Inside Move: ‘Monkey’ biz

Miramax sees no evil in reissuing H.K. fave

If new films can ride the Hong Kong wave of “Crouching Tiger, Hidden Dragon,” then classic actioners should likewise be able to lure uninitiated Western auds.

Such is the philosophy behind Miramax’s release of “Iron Monkey.” The pic is opening in 1,200 North American theaters, using an ad campaign that glosses over the fact it is an 8-year-old action classic.

The 1993 pic aims to join Jackie Chan pics “Supercop” and “Legend of Drunken Master” on the list of Hong Kong films successfully revisited by Miramax. (Those last two grossed $16 million and $12 million, respectively.)

“Iron Monkey” was made by director Yuen Woo Ping, who also choreographed fight scenes for “The Matrix” and “Crouching Tiger, Hidden Dragon.”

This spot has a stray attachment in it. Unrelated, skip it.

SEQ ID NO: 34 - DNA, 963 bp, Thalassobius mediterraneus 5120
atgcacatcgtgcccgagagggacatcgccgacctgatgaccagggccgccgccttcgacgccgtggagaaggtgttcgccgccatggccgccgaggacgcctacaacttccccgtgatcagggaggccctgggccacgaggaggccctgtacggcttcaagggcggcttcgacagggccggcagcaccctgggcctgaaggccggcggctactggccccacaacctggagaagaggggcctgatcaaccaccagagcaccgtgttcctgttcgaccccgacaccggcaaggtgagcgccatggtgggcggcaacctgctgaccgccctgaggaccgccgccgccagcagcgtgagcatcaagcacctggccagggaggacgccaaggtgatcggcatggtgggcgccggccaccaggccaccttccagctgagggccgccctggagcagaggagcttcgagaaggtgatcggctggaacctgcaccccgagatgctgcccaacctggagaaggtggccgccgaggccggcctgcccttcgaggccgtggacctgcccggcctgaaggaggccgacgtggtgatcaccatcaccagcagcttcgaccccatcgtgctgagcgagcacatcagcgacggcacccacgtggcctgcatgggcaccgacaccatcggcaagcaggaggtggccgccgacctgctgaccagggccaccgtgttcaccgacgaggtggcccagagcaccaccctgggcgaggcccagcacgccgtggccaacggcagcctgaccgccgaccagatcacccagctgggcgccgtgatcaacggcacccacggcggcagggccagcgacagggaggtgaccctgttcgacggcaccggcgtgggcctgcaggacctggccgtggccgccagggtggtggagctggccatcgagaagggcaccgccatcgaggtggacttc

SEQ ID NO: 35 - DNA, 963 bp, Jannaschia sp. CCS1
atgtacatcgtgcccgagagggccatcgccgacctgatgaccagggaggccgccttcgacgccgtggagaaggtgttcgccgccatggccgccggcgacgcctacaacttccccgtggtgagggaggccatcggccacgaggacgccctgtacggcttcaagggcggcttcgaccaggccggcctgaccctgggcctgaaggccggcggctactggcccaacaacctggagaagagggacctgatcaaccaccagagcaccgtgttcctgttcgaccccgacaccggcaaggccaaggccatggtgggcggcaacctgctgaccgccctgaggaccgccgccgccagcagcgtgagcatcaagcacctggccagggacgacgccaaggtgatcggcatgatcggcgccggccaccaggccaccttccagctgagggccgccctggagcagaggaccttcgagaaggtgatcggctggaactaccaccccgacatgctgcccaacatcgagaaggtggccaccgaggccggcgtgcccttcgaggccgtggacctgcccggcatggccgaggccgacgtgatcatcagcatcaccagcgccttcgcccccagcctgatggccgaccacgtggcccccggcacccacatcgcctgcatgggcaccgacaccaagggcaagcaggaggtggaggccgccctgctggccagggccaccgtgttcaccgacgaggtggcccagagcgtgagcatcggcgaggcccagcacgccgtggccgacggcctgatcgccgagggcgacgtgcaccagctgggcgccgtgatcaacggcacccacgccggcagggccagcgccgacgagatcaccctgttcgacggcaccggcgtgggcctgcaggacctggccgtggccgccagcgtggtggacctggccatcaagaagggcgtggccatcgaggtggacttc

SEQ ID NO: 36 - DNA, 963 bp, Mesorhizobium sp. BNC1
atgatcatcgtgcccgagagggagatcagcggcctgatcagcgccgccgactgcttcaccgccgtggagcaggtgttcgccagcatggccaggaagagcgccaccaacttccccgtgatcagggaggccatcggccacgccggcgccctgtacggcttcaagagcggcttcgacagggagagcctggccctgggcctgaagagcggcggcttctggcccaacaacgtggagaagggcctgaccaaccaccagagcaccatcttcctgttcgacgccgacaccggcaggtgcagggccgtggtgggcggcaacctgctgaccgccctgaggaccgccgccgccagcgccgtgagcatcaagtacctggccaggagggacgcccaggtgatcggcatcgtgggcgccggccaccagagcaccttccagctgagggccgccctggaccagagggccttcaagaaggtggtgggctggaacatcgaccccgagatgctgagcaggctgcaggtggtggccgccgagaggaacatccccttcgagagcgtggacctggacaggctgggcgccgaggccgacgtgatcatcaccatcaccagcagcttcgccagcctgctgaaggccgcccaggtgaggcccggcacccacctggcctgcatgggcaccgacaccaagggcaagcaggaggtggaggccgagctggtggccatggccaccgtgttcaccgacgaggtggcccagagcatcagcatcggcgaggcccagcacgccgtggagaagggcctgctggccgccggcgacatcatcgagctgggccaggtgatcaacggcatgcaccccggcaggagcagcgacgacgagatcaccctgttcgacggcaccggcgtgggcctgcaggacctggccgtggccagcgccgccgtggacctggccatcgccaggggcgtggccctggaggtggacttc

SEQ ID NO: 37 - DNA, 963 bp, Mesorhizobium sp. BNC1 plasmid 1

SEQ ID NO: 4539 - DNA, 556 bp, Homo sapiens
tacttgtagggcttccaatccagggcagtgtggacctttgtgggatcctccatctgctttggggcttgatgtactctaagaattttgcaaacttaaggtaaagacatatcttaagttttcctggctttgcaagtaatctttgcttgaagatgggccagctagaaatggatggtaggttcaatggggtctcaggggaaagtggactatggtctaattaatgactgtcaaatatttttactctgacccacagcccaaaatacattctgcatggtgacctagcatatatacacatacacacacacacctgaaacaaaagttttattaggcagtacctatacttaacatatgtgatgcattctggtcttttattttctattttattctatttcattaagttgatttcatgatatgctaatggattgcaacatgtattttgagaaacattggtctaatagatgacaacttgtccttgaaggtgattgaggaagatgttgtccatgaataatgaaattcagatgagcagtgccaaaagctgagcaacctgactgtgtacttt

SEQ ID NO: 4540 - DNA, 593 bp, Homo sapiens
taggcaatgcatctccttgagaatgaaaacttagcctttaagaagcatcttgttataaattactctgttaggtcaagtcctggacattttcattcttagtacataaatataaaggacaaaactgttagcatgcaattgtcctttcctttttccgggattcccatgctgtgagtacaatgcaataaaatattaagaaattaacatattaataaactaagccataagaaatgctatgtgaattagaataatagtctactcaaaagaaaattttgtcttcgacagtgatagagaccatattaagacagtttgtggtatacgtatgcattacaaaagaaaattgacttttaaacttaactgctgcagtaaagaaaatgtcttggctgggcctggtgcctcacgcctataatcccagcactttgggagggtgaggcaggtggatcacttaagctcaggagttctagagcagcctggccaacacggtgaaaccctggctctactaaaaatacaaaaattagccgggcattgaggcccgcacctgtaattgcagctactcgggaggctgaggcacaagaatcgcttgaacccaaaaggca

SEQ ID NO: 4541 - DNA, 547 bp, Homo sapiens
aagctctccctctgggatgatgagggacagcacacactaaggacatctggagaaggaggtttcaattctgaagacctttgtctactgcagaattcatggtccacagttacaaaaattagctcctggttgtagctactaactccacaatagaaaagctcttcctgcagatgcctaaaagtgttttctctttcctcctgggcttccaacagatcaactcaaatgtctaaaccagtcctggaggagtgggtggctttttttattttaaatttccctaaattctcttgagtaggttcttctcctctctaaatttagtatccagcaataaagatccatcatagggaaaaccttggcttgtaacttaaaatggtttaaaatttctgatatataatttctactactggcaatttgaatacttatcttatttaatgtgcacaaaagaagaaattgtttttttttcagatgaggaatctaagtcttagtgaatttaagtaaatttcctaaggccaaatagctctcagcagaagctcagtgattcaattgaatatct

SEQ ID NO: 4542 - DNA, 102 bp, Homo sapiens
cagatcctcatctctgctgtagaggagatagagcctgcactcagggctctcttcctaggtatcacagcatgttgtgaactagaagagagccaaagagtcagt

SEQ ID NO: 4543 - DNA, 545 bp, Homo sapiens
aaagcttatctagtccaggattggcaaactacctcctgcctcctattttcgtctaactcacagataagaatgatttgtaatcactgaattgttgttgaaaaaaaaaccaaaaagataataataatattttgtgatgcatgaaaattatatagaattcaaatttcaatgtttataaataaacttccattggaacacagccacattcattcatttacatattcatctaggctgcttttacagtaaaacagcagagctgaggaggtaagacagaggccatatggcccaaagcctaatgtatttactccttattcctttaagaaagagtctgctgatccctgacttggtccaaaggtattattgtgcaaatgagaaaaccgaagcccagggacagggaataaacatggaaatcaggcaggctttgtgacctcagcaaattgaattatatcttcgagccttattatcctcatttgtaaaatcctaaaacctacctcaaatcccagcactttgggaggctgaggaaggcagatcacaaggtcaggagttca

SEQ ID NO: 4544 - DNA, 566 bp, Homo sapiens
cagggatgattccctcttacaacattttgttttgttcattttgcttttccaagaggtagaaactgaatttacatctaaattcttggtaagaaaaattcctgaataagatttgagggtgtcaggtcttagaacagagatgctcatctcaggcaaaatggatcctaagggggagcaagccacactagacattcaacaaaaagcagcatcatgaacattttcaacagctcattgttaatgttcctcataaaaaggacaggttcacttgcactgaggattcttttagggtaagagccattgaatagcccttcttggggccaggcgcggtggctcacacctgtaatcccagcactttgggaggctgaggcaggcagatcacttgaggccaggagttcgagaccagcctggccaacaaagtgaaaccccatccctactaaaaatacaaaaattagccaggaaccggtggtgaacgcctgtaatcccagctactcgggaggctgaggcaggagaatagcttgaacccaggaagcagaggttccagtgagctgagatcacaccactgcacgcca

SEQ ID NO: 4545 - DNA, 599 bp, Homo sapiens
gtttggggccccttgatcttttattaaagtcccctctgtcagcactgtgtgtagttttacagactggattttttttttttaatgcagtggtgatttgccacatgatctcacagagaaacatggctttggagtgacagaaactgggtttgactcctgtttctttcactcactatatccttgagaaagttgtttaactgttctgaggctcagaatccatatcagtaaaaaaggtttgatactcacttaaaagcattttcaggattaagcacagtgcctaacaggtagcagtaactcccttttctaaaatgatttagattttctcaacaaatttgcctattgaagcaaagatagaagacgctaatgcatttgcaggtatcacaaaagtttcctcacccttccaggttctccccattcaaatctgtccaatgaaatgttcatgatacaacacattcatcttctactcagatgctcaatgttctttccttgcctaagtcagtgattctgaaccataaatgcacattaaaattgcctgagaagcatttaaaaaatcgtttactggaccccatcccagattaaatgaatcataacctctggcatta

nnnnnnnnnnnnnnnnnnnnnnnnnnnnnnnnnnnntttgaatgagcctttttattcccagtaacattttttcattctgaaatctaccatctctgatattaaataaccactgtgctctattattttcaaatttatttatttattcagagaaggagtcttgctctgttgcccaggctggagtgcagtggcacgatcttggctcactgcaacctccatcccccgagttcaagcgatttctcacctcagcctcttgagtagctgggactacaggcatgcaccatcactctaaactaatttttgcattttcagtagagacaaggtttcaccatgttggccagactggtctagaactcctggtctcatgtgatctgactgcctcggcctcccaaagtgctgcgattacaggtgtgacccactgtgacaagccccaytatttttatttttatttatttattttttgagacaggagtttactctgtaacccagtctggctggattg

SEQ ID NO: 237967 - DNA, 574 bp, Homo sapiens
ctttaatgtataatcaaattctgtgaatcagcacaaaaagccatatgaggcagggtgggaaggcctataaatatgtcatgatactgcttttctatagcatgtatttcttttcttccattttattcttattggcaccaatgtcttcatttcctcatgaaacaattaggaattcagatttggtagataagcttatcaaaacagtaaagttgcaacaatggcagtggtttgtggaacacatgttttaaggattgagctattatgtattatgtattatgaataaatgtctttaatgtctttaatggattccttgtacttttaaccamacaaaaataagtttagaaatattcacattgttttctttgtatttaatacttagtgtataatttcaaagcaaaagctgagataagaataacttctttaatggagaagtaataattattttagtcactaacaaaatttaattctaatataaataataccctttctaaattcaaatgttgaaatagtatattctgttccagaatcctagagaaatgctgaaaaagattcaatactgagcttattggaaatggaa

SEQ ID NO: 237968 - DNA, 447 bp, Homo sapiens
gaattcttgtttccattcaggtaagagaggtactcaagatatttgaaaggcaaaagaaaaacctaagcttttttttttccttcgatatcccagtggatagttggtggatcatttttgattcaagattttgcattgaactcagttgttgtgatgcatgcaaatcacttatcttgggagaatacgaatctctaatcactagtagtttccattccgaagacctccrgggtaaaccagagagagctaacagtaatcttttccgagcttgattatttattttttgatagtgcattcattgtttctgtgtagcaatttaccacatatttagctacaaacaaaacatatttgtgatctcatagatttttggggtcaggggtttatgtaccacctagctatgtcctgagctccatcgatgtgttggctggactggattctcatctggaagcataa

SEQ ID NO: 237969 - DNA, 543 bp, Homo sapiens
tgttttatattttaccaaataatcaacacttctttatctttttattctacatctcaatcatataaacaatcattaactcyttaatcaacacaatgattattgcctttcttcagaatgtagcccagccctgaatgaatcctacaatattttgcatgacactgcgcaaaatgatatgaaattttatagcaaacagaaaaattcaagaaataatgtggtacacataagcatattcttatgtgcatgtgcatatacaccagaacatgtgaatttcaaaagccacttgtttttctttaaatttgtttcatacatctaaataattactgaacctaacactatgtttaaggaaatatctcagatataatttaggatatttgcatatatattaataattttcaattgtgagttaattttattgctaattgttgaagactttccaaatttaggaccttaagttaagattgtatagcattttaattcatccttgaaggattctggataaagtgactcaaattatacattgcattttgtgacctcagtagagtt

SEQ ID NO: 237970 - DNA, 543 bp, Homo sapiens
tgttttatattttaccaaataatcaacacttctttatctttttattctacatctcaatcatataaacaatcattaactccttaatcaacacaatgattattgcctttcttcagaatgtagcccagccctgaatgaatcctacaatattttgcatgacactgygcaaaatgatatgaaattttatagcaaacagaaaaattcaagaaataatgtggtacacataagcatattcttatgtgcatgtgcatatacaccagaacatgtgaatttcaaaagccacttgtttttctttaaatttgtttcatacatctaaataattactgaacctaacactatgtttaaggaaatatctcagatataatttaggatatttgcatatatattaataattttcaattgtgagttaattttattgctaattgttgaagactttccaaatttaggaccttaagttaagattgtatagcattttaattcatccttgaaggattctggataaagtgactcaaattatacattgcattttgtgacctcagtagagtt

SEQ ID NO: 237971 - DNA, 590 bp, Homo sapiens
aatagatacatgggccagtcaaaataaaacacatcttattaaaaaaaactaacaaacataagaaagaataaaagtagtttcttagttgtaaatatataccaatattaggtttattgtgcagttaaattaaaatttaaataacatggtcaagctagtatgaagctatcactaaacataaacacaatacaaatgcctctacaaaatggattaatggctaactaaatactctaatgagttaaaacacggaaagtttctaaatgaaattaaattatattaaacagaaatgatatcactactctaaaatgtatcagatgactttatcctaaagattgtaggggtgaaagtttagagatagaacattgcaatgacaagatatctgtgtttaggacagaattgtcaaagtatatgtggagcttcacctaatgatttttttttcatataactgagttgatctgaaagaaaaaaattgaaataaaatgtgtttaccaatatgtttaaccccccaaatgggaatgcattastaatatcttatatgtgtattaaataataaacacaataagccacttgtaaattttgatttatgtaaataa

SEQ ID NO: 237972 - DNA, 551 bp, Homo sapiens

Having helped popularize the martial-arts action aesthetic, Woo Ping collaborated with Miramax on the updated “Iron Monkey,” which features new English subtitles, a bit of new music and a slightly shorter running time.

“I think fans will find that the few changes to the original are all for the better,” the director says. “Some fight scenes have been tightened up just a bit and only serve to make the story move with more precision and intensity.”

Miramax sees “Iron Monkey” as fitting in with a larger revival effort, encompassing “Apocalypse Now Redux,” “A Hard Day’s Night,” “Cinema Paradiso” (director’s cut) and “Belle de Jour.” Through a spokesman, Miramax co-topper Harvey Weinstein says, “One of Miramax’s top missions is to bring back classic films and share them with old and new audiences.”

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